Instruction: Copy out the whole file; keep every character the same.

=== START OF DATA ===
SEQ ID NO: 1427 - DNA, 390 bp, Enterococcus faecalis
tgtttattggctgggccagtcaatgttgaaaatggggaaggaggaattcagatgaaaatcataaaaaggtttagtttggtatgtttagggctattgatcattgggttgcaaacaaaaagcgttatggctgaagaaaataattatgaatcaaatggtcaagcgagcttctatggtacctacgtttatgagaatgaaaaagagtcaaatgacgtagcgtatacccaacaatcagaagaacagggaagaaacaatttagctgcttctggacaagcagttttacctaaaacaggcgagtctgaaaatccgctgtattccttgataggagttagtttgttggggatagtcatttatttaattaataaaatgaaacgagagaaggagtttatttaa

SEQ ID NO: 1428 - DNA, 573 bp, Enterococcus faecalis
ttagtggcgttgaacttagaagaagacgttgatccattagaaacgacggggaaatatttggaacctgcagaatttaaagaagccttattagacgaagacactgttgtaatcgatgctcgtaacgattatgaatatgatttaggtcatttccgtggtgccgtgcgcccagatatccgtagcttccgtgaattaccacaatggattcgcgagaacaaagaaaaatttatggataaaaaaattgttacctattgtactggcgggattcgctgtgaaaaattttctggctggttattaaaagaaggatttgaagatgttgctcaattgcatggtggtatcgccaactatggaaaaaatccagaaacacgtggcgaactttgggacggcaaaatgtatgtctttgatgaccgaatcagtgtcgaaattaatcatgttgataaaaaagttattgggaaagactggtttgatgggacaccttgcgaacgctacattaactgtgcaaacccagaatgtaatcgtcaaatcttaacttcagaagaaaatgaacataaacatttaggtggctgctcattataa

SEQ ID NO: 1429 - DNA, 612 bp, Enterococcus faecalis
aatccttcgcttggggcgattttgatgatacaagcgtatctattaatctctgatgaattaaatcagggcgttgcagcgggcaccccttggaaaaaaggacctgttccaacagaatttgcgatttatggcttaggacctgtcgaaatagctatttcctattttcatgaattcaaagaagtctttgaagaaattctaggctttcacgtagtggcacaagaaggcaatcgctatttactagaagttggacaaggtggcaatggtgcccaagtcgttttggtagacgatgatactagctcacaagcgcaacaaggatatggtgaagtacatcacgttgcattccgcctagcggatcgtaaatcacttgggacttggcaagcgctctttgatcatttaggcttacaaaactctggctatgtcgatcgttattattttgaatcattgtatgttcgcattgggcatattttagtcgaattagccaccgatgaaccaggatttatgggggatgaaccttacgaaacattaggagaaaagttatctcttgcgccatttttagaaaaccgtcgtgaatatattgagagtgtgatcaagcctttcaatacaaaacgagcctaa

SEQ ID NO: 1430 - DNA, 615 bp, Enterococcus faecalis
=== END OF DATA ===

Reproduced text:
SEQ ID NO: 1427 - DNA, 390 bp, Enterococcus faecalis
tgtttattggctgggccagtcaatgttgaaaatggggaaggaggaattcagatgaaaatcataaaaaggtttagtttggtatgtttagggctattgatcattgggttgcaaacaaaaagcgttatggctgaagaaaataattatgaatcaaatggtcaagcgagcttctatggtacctacgtttatgagaatgaaaaagagtcaaatgacgtagcgtatacccaacaatcagaagaacagggaagaaacaatttagctgcttctggacaagcagttttacctaaaacaggcgagtctgaaaatccgctgtattccttgataggagttagtttgttggggatagtcatttatttaattaataaaatgaaacgagagaaggagtttatttaa

SEQ ID NO: 1428 - DNA, 573 bp, Enterococcus faecalis
ttagtggcgttgaacttagaagaagacgttgatccattagaaacgacggggaaatatttggaacctgcagaatttaaagaagccttattagacgaagacactgttgtaatcgatgctcgtaacgattatgaatatgatttaggtcatttccgtggtgccgtgcgcccagatatccgtagcttccgtgaattaccacaatggattcgcgagaacaaagaaaaatttatggataaaaaaattgttacctattgtactggcgggattcgctgtgaaaaattttctggctggttattaaaagaaggatttgaagatgttgctcaattgcatggtggtatcgccaactatggaaaaaatccagaaacacgtggcgaactttgggacggcaaaatgtatgtctttgatgaccgaatcagtgtcgaaattaatcatgttgataaaaaagttattgggaaagactggtttgatgggacaccttgcgaacgctacattaactgtgcaaacccagaatgtaatcgtcaaatcttaacttcagaagaaaatgaacataaacatttaggtggctgctcattataa

SEQ ID NO: 1429 - DNA, 612 bp, Enterococcus faecalis
aatccttcgcttggggcgattttgatgatacaagcgtatctattaatctctgatgaattaaatcagggcgttgcagcgggcaccccttggaaaaaaggacctgttccaacagaatttgcgatttatggcttaggacctgtcgaaatagctatttcctattttcatgaattcaaagaagtctttgaagaaattctaggctttcacgtagtggcacaagaaggcaatcgctatttactagaagttggacaaggtggcaatggtgcccaagtcgttttggtagacgatgatactagctcacaagcgcaacaaggatatggtgaagtacatcacgttgcattccgcctagcggatcgtaaatcacttgggacttggcaagcgctctttgatcatttaggcttacaaaactctggctatgtcgatcgttattattttgaatcattgtatgttcgcattgggcatattttagtcgaattagccaccgatgaaccaggatttatgggggatgaaccttacgaaacattaggagaaaagttatctcttgcgccatttttagaaaaccgtcgtgaatatattgagagtgtgatcaagcctttcaatacaaaacgagcctaa

SEQ ID NO: 1430 - DNA, 615 bp, Enterococcus faecalis